5 Replies Latest reply on Aug 12, 2009 1:27 PM by Bryan Grunow

    Why a continuous hash?

    Bryan Grunow Newbie

      I'm curious to know why a continuous hash was chosen for DIST?

      It would seem to me that a consistent hash would be far easier to implement and provide much more control to allow for grouping like data together and managing partitions.

      Of course it it wouldn't be dynamic but that is a double edged sword and not always desirable.

      Anyhow, just curious to know your design decisions.

        • 1. Re: Why a continuous hash?
          Bryan Grunow Newbie

          Not sure where my brain what when I was reading the docs but it plainly says you're using a consistent hash.

          What may have confused me was the section on rehashing. What's the need for a rehash if you're using a consistent hash?

          My guess is there is no was to define the number of shards/partitions. Clusters simply come and go so the total number is always changing and the cluster is what the keys hash to.

          Other implementations I've played with all allow you to define the number of shards/partitions up front and then scatters those across all the running containers. The keys hash to shards/partitions.

          Using the cluster as the unit of partition seems complex as you would need to rehash and move data around. You would also have to move the shards/partitions in the other case but rules can be written for what moves when and when how since the shard/partition is decoupled from the hashing.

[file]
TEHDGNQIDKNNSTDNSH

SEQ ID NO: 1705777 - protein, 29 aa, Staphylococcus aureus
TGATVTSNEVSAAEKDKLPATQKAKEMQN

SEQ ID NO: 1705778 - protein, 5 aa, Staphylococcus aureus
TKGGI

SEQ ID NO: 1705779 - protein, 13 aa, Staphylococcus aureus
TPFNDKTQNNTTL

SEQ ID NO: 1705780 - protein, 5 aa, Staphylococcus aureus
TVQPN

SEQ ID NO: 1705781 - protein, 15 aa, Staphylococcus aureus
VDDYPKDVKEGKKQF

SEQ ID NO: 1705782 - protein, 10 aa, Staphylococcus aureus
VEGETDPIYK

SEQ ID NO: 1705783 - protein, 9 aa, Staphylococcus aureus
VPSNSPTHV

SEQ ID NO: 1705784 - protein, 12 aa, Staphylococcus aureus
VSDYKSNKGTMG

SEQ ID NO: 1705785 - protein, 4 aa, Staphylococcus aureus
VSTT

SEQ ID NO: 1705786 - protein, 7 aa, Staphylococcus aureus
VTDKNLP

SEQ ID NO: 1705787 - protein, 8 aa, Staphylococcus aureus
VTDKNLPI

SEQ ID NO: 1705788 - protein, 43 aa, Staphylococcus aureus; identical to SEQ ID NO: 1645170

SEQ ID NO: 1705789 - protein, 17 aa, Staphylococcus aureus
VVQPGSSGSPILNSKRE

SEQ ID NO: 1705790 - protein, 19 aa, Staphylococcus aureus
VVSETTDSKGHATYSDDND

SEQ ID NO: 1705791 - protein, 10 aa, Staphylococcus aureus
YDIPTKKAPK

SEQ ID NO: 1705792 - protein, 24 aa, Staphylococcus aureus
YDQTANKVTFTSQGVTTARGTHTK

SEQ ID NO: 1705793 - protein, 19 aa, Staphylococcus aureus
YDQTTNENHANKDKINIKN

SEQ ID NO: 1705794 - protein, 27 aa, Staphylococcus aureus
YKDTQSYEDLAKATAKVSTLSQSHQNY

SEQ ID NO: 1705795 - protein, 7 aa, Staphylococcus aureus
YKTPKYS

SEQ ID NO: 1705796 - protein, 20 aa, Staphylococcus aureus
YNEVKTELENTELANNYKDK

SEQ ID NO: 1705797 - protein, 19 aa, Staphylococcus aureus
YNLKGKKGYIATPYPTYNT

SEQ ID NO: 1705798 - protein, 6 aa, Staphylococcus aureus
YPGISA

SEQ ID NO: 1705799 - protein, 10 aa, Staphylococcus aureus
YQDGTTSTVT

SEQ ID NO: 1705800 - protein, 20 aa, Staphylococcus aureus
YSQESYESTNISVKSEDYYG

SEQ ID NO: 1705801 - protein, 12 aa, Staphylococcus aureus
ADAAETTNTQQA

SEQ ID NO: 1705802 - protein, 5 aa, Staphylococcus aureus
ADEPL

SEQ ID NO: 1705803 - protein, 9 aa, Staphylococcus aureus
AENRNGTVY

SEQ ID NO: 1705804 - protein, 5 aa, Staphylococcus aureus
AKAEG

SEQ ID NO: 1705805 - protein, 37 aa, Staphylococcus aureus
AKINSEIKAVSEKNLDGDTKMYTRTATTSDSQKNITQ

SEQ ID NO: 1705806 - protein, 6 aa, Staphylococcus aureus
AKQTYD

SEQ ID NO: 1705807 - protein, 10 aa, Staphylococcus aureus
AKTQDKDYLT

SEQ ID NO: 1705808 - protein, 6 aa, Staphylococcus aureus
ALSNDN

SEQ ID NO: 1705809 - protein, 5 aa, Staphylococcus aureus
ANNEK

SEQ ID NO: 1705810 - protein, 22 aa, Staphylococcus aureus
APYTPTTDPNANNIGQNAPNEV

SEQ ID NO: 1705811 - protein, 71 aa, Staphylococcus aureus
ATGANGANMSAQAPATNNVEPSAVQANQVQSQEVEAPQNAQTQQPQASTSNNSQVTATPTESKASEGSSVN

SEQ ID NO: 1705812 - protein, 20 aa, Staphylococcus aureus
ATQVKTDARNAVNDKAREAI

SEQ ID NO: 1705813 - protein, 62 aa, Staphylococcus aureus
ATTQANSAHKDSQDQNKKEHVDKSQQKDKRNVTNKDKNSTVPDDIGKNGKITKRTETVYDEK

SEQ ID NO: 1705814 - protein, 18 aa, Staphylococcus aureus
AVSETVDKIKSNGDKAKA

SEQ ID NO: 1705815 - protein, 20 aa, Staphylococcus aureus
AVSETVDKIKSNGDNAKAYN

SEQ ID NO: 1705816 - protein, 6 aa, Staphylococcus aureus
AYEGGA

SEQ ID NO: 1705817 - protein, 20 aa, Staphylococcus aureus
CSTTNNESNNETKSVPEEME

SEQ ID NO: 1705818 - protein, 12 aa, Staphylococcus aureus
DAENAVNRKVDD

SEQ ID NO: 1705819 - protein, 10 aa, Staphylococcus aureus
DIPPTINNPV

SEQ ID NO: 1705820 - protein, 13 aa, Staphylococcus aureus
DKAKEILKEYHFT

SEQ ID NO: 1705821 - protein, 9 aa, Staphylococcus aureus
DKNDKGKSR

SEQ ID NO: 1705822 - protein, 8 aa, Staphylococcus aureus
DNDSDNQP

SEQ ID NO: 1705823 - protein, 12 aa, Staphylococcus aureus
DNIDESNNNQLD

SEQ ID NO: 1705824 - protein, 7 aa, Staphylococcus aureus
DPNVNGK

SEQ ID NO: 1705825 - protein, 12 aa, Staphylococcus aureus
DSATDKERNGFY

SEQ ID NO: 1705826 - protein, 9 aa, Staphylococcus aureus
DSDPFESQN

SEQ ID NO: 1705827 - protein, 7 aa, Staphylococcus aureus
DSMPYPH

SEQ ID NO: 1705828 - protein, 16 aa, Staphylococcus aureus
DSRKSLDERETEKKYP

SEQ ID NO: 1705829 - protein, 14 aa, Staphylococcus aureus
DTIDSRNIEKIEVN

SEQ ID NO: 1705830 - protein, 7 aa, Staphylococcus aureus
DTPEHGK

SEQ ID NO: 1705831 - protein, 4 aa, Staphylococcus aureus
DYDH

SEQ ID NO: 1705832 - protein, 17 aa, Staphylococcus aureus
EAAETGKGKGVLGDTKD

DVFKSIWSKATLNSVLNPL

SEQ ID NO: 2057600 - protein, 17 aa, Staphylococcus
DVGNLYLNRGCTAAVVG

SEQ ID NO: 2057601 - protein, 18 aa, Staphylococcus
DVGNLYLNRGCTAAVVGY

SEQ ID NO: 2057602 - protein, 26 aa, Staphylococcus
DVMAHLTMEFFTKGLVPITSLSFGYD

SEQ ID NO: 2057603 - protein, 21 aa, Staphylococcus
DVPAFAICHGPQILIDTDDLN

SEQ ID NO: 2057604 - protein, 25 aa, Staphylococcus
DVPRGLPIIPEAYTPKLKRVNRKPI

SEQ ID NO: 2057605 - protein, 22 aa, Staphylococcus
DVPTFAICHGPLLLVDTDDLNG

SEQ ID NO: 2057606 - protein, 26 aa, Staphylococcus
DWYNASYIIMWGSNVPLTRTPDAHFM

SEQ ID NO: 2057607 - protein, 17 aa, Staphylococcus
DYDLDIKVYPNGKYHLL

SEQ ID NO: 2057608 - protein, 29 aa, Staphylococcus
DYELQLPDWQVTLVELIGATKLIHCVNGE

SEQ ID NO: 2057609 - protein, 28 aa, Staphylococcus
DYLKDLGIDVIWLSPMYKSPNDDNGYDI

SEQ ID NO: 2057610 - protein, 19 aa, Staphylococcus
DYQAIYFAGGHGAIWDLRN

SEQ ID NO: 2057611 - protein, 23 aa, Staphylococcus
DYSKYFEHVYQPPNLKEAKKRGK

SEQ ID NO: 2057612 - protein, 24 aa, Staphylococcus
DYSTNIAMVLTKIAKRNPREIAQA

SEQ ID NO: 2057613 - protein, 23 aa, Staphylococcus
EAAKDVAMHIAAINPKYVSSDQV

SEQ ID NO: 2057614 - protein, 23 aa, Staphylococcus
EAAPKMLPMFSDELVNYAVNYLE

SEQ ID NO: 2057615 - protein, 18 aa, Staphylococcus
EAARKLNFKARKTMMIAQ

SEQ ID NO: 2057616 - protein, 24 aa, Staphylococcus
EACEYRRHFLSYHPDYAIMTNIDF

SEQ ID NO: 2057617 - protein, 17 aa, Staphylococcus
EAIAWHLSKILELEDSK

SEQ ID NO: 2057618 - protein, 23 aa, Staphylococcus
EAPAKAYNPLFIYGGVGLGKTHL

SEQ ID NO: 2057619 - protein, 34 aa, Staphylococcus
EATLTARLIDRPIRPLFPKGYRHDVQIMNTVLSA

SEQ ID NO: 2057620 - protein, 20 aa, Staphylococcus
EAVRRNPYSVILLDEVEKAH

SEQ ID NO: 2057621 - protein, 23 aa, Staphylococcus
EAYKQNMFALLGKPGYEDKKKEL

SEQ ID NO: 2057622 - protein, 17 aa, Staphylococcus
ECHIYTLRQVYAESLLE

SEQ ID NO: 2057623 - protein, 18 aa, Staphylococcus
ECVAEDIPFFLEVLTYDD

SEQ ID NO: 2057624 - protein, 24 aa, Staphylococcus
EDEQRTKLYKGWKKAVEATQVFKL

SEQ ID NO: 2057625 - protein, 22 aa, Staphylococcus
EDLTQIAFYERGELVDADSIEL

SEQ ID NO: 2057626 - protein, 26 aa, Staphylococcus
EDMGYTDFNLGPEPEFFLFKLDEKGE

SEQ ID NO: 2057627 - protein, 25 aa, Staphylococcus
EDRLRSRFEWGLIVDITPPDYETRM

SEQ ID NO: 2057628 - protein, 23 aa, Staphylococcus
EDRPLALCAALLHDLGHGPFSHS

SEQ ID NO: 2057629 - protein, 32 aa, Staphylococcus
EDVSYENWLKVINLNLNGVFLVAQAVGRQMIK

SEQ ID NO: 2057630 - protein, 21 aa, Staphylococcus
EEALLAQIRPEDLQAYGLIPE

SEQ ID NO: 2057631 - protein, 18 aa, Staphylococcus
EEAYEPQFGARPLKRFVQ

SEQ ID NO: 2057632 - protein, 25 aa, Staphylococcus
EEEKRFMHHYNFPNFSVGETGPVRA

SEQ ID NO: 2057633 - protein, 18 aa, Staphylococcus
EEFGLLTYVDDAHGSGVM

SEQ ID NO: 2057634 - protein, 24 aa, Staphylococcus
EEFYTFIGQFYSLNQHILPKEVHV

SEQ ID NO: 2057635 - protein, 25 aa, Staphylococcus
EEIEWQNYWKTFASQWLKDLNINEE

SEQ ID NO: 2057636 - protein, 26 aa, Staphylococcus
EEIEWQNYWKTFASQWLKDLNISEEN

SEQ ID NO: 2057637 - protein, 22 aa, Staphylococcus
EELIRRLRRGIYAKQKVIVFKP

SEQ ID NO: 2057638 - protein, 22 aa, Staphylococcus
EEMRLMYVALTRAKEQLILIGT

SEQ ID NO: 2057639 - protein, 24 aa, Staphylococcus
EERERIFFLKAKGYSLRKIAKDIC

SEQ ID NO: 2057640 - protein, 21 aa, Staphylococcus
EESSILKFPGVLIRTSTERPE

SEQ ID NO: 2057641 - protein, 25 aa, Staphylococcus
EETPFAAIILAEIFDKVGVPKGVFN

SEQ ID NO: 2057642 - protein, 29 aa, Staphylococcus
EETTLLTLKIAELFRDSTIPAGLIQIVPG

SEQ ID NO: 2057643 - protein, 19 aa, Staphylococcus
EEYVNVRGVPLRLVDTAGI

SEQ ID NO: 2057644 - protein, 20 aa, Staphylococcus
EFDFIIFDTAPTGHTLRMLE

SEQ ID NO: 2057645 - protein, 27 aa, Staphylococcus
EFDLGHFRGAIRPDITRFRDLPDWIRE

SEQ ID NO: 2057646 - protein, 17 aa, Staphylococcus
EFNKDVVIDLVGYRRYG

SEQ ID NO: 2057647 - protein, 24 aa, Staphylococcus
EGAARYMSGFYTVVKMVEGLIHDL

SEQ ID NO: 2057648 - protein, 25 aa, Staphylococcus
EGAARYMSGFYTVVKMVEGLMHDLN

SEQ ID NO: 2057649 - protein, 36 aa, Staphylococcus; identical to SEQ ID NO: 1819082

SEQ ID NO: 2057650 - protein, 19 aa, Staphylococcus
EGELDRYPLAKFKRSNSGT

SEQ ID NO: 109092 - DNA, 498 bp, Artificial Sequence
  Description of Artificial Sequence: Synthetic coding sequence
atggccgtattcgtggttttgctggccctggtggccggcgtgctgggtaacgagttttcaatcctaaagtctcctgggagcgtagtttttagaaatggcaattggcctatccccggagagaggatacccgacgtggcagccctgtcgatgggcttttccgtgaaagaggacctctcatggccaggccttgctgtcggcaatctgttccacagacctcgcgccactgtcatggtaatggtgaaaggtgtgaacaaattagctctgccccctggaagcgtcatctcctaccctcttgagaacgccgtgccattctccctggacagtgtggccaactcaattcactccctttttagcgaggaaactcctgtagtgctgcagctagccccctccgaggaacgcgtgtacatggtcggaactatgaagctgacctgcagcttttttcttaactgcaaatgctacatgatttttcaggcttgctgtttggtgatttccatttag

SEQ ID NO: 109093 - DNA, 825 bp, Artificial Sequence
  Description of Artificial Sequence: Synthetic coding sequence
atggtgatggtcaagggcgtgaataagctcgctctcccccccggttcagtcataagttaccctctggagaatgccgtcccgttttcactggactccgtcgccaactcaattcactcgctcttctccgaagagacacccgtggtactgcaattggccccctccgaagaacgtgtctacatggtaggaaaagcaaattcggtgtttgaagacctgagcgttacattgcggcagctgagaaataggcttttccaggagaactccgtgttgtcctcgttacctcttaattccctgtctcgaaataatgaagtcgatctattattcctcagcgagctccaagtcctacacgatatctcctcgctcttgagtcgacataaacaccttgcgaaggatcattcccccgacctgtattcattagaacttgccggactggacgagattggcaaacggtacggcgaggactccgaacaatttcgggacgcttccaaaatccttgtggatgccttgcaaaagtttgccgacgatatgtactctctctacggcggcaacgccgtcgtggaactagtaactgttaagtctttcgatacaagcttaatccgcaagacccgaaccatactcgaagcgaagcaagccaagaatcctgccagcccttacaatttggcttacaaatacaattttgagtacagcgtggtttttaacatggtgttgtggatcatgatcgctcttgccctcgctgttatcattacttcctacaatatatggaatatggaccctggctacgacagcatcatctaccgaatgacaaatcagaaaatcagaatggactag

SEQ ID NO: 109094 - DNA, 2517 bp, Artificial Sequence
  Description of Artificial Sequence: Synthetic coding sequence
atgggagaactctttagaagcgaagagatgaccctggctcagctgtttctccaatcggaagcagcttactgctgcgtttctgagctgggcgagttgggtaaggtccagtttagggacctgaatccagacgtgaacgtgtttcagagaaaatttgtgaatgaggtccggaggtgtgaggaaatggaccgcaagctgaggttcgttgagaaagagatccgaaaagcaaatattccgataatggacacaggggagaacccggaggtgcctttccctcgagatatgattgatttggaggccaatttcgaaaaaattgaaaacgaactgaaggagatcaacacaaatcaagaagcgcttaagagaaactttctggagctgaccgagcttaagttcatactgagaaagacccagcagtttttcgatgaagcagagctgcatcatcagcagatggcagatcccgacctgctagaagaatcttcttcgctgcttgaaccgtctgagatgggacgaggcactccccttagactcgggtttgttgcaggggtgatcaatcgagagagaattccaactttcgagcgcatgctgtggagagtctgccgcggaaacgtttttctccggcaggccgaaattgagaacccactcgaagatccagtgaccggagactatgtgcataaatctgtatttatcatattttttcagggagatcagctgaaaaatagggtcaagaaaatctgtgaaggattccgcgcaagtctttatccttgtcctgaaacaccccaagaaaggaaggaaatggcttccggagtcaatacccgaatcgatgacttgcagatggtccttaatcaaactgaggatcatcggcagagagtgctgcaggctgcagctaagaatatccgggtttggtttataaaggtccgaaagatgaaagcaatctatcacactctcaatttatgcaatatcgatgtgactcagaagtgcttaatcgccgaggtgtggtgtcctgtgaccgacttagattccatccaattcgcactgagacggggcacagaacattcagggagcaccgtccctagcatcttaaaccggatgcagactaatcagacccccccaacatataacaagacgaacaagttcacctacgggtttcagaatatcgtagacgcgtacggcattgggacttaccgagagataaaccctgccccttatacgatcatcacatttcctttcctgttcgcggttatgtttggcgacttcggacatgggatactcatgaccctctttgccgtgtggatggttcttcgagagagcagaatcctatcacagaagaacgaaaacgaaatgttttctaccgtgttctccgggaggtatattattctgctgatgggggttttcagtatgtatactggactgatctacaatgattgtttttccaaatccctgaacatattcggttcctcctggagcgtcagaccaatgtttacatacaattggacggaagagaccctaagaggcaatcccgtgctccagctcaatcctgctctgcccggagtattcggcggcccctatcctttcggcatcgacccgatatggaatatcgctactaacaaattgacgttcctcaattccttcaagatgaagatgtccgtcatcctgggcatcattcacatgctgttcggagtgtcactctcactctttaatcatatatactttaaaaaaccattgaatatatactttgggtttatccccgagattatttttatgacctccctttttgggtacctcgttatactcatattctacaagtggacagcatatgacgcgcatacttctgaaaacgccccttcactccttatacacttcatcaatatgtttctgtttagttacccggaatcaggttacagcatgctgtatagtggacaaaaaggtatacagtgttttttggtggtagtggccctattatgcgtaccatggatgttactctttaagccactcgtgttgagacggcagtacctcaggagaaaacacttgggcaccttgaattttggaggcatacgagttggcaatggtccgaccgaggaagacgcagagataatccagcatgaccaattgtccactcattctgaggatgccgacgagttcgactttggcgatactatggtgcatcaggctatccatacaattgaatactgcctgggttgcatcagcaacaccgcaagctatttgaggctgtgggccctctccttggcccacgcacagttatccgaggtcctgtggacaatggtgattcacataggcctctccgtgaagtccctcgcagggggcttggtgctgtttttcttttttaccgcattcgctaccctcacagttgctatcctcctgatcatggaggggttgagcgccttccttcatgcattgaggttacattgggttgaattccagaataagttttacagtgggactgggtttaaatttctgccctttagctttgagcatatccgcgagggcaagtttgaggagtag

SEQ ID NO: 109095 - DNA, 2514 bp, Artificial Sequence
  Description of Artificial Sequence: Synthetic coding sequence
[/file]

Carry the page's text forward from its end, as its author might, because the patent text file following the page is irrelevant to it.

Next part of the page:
I may have the terminology wrong here since I'm just starting to look at this since everyone seems to use different terms.

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          • 2. Re: Why a continuous hash?
            Manik Surtani Master

            You're pretty much spot-on. The need for rehashing is due to nodes joining/leaving the cluster.

            I have considered the shard/partition approach (or virtual nodes as I called them), but that would require some form of global metadata.

            • 3. Re: Why a continuous hash?
              Bryan Grunow Newbie

              Yes, there would be a need for global state but there is already some of that in the current implementation is there not?

              You have to know how many clusters (to hash correctly) and where all the clusters are (to route requests).

              Isn't that basically the same metadata you'd need if going with virtual nodes?

              • 4. Re: Why a continuous hash?
                Manik Surtani Master

                no, for virtual nodes you'd need some added metadata including what each vnode hashes to in a given hash space, as well as which vnodes map to real nodes. The latter would be prone to change if there is a cluster reorganisation event (nodes joining or leaving) as vnodes could be assigned to different actual nodes.

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                • 5. Re: Why a continuous hash?
                  Bryan Grunow Newbie

                  True, you'd need the initial configuration setting that specifies how many total vnodes there would be and that would need to be global. From that configuration you can easily calculate where a key hashes using a modulo hash (key_hashcode % total_vnode_count).

                  As for the 2nd bit of state don't you already have that today or at least most of it? I've looked into JGroups which I believe you're using to some degree so that state/membership info is already tracked and is available. You may not have the mapping of vnodes to real nodes (depending on how they're registered) but the infrastructure and symatics are there to support it I'd guess.

                  Anyhow, interesting discussion and I'm glad to see this product in the portfolio.